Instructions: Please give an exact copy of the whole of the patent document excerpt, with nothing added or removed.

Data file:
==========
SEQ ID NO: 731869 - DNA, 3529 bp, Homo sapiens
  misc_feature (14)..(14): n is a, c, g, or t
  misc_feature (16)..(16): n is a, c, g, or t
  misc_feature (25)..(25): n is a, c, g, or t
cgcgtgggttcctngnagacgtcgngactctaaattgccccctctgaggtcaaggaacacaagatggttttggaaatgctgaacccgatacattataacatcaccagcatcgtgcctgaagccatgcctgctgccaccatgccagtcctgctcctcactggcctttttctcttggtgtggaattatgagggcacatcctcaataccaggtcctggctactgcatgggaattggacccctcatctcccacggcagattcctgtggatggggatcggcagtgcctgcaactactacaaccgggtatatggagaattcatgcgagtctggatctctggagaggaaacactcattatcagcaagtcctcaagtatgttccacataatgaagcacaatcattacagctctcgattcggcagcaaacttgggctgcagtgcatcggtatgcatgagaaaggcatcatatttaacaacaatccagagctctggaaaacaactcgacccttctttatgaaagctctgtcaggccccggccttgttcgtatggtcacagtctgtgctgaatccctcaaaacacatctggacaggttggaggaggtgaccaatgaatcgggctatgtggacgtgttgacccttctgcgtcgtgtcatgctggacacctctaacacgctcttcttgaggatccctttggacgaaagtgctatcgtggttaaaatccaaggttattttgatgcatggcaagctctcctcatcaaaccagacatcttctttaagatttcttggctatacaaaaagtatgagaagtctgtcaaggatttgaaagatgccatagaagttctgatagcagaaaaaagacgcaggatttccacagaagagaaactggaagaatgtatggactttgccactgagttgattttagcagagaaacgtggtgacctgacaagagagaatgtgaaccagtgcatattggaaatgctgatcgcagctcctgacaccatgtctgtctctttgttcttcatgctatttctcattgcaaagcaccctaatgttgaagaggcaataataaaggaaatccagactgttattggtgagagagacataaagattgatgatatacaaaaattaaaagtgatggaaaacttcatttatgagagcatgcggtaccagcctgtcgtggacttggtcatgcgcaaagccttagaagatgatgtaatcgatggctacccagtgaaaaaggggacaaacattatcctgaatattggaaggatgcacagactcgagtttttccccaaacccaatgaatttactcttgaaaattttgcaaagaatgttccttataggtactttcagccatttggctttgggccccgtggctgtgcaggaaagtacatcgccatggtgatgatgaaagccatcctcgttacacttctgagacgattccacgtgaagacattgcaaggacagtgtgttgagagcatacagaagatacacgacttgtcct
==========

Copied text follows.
SEQ ID NO: 731869 - DNA, 3529 bp, Homo sapiens
  misc_feature (14)..(14): n is a, c, g, or t
  misc_feature (16)..(16): n is a, c, g, or t
  misc_feature (25)..(25): n is a, c, g, or t
cgcgtgggttcctngnagacgtcgngactctaaattgccccctctgaggtcaaggaacacaagatggttttggaaatgctgaacccgatacattataacatcaccagcatcgtgcctgaagccatgcctgctgccaccatgccagtcctgctcctcactggcctttttctcttggtgtggaattatgagggcacatcctcaataccaggtcctggctactgcatgggaattggacccctcatctcccacggcagattcctgtggatggggatcggcagtgcctgcaactactacaaccgggtatatggagaattcatgcgagtctggatctctggagaggaaacactcattatcagcaagtcctcaagtatgttccacataatgaagcacaatcattacagctctcgattcggcagcaaacttgggctgcagtgcatcggtatgcatgagaaaggcatcatatttaacaacaatccagagctctggaaaacaactcgacccttctttatgaaagctctgtcaggccccggccttgttcgtatggtcacagtctgtgctgaatccctcaaaacacatctggacaggttggaggaggtgaccaatgaatcgggctatgtggacgtgttgacccttctgcgtcgtgtcatgctggacacctctaacacgctcttcttgaggatccctttggacgaaagtgctatcgtggttaaaatccaaggttattttgatgcatggcaagctctcctcatcaaaccagacatcttctttaagatttcttggctatacaaaaagtatgagaagtctgtcaaggatttgaaagatgccatagaagttctgatagcagaaaaaagacgcaggatttccacagaagagaaactggaagaatgtatggactttgccactgagttgattttagcagagaaacgtggtgacctgacaagagagaatgtgaaccagtgcatattggaaatgctgatcgcagctcctgacaccatgtctgtctctttgttcttcatgctatttctcattgcaaagcaccctaatgttgaagaggcaataataaaggaaatccagactgttattggtgagagagacataaagattgatgatatacaaaaattaaaagtgatggaaaacttcatttatgagagcatgcggtaccagcctgtcgtggacttggtcatgcgcaaagccttagaagatgatgtaatcgatggctacccagtgaaaaaggggacaaacattatcctgaatattggaaggatgcacagactcgagtttttccccaaacccaatgaatttactcttgaaaattttgcaaagaatgttccttataggtactttcagccatttggctttgggccccgtggctgtgcaggaaagtacatcgccatggtgatgatgaaagccatcctcgttacacttctgagacgattccacgtgaagacattgcaaggacagtgtgttgagagcatacagaagatacacgacttgtcct